The flower beds are expanding again at the expense of turf area and that’s fine with me since I hate mowing the lawn, but the lawn clippings are my number one choice for mulch in the garden. Less grass growing means less mulch is growing. An inch or less of lawn clippings tucked in around perennials and vegetables is a great mulch, it doesn’t mat much, kills weed seedlings, and most importantly moves all that free nitrogen fertilizer from the lawn into the more useful garden. Earthworms love grass clippings and happy earthworms mean happy plants.
So that’s my dilemma. More room for plants or more mulch growing fields…. obviously plant room wins every time. I guess my flower beds are like little European settlers ripping up the prairie and spreading across the land and the lawn grubs are tiny tiny bison losing habitat and being pushed to the edge…… ok too much coffee. I don’t think this has anything to do with history repeating itself.
So. Easiest way to expand beds: have someone else do it.
Second easiest: lasagna gardening or no dig gardening. There are books, FAQ’s, youtube videos, but it’s a simple concept. Basically all you do is lay down paper, newspaper or cardboard to smother whatever is there and then cover this with leaves, compost, topsoil or whatever else can hold the paper down and eventually become a part of the soil. It takes some time (about a year to rot down) and can be messy, so what I do for larger beds is plant what I want right into the lawn, throw a little compost around them for the worms, cover grass in between with newspaper (leave the paper out in the rain for a couple weeks to wet- it’s much easier to work with) and then hide everything under a nice layer of wood mulch. Much more suburban-friendly:)
Third easiest: Buy topsoil, dump topsoil 4 or more inches deep (with or without paper underneath, depending on what weeds are there), plant into topsoil, mulch, call it a raised bed.
Fourth: My prefered method, turn under everything and just plant away (more to follow)
Fifth: (notice I’m leaving out the word ‘easiest’ from now on) Dig up turf…… throw down compost, fertilizer, lime, whatever goodness you want to mix in….. dig or rototill it all together… plant with pride. You lose all the fertility and organic matter of the top few inches (the best part) but the soil prep makes up for it.
Sixth: Double dig. Hardcore stuff here. Dig a one-shovel depth trench across the bed and put that soil into a wheelbarrow or on the side. Get down into the trench and use a pitchfork to loosen the next shovel layer down. Add soil amendments if you’re that crazy and mix them in too. Get out of the trench and move over a couple feet. Dig a new trench, shoveling the soil over into the first trench. Repeat all the way across the bed. When you’re done, drag the soil you put aside down to the last trench and fill it up. Then to completely kill your back, redig the top layer across the entire bed adding whatever amendments you want. It’s a great concept which I tried a couple times back in my teen years, but teenagers are not well-known for good judgement and/or good time management. Plus I’m much lazier now.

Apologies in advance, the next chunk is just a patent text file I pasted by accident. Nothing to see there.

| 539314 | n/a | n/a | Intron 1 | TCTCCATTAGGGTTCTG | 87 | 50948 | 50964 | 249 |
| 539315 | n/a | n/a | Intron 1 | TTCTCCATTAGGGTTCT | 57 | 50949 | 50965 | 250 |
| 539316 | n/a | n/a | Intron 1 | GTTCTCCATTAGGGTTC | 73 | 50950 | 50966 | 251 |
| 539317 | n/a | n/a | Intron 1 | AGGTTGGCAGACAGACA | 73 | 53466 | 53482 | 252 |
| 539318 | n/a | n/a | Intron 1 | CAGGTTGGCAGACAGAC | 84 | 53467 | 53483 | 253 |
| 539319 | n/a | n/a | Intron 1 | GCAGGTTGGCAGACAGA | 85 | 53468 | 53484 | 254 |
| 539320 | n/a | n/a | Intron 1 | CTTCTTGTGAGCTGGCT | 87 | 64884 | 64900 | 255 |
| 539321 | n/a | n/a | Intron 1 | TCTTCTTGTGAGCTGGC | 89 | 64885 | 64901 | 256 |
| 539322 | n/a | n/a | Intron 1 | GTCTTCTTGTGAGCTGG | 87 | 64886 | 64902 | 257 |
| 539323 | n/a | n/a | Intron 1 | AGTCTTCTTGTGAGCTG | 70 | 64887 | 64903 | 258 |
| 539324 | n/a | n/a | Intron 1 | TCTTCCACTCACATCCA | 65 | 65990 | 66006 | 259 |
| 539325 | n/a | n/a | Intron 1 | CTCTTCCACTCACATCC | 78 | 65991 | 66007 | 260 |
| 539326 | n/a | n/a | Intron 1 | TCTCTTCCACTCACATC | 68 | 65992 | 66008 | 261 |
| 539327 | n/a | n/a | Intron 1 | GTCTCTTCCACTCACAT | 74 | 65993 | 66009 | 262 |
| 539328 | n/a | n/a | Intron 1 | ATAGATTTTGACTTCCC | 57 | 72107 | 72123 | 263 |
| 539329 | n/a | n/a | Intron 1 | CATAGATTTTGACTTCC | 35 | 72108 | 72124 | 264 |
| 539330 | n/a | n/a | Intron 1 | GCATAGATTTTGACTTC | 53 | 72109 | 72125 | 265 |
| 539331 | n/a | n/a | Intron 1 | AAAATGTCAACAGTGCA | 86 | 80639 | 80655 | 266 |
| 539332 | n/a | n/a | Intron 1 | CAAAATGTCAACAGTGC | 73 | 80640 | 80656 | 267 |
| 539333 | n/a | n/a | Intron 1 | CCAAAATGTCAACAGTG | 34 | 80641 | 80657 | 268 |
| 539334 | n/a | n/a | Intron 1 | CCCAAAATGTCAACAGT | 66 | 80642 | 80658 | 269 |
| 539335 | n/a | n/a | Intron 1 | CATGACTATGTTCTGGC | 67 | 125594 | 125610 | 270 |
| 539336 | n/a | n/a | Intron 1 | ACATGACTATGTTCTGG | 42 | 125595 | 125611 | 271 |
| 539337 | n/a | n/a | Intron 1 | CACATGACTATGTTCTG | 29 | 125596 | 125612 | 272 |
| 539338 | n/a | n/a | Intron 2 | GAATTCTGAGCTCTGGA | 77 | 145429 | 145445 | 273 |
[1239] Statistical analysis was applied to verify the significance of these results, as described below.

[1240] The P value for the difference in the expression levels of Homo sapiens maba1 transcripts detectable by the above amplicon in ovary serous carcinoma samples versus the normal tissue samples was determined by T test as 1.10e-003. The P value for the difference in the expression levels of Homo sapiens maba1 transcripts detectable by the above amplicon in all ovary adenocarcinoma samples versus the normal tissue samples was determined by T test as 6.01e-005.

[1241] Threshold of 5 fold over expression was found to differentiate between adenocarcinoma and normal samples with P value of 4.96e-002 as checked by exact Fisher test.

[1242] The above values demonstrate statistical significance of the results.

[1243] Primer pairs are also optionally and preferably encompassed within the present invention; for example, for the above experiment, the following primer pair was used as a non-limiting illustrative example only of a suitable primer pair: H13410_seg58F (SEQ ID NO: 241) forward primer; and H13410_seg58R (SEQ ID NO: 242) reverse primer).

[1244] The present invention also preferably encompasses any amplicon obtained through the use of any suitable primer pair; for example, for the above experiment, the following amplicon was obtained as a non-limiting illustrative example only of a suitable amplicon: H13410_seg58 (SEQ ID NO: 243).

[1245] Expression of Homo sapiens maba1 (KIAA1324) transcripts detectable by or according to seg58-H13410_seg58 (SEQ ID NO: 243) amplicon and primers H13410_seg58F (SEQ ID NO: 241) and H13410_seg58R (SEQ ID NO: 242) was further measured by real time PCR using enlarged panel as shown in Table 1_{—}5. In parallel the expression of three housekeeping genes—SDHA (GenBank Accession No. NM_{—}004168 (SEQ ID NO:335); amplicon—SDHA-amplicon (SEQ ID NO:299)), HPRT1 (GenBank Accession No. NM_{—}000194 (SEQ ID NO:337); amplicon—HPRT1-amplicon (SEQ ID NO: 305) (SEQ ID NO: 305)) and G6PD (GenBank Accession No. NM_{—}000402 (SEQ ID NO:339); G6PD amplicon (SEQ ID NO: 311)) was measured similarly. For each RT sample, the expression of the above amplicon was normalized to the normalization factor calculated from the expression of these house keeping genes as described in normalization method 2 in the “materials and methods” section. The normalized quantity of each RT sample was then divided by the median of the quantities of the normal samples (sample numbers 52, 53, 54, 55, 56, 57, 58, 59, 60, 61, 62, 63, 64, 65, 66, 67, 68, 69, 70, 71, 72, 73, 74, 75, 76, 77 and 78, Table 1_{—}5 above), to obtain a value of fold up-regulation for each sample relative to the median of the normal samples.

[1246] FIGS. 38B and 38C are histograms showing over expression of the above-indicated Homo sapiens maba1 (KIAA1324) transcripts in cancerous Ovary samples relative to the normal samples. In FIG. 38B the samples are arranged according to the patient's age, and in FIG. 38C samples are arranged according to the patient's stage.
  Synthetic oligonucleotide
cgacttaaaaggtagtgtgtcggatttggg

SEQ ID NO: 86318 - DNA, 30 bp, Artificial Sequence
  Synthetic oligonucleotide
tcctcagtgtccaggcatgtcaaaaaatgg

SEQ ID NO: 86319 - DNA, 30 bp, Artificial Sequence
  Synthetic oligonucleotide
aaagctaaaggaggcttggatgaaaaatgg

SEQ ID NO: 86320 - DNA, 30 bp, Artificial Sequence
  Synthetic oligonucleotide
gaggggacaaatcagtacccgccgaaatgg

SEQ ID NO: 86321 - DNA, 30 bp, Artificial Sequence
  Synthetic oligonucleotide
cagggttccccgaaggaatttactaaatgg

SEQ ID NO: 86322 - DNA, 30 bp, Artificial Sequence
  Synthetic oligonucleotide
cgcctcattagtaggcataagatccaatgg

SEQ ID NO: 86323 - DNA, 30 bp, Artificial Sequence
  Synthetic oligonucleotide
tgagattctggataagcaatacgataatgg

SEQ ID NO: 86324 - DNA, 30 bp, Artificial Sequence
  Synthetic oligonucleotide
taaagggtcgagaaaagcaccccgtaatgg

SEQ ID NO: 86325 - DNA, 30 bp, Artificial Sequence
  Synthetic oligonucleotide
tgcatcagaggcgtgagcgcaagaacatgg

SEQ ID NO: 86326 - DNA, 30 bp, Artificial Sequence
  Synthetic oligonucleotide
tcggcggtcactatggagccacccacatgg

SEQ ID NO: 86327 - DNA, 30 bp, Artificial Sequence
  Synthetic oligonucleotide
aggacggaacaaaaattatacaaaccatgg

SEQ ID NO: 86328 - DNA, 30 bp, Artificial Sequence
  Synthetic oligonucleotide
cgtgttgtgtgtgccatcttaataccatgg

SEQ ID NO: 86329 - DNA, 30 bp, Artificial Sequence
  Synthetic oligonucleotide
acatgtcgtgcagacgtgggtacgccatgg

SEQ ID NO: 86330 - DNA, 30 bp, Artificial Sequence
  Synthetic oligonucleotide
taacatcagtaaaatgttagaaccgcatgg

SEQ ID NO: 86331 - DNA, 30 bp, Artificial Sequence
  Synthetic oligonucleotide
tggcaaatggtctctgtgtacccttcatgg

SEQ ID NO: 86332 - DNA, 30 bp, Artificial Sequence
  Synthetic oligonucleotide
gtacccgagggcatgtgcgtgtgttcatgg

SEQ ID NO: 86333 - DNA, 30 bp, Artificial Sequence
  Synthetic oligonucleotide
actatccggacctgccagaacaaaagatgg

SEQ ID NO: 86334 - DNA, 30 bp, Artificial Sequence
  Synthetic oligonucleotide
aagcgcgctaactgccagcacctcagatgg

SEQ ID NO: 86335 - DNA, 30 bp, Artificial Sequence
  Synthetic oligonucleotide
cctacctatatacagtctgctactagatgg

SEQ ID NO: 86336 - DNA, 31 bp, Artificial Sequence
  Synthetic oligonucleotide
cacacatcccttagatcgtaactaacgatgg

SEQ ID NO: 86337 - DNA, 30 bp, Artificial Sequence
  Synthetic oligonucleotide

Ok this is going on for way too long. All I wanted to do was put up a couple pictures of my expanded flower bed and I guess since the kids are sleeping late I feel like I could go on all morning!….. wait here they come….. time to wrap things up.
My choice for new bed prep: Line out your new bed with a garden hose to get the shape the way you want. Remember less is more as far as curves go, so avoid a sharper turn than your mower can handle. A sharp turn means you’ll always be missing that spot or mowing into the bed to get it.
Edge along the hose with a square spade. Use a round tip shovel to pop out a little of the grass along the outside of the bed and establish your edge.
Start digging. Use the round tip shovel to slice off a shovelful of grass and soil. Flip the dirt back into the hole grass side down and keep going. It helps if you remove a couple shovelfulls first in order to have a spot to flip the grass over into.
I plant immediately after turning, the section to the left was yesterday’s section. Over the next couple weeks the grass rots into compost and the plants love it. As always mulch!
Two last tips. Beware southerners, your grass isn’t as wimpy as mine and you’ll need extra smothering or even roundup….. also digging it over like this won’t barely phase it if it’s something like Bermuda grass.
Also ALWAYS sharpen your shovels and hoes. Use a metal file or better yet a grinding wheel to put a nice sharp edge on the blade. They don’t come from the store sharpened (for obvious reasons) and if you’ve never done this before you will LOVE how a sharp shovel or hoe cuts through the dirt and weeds.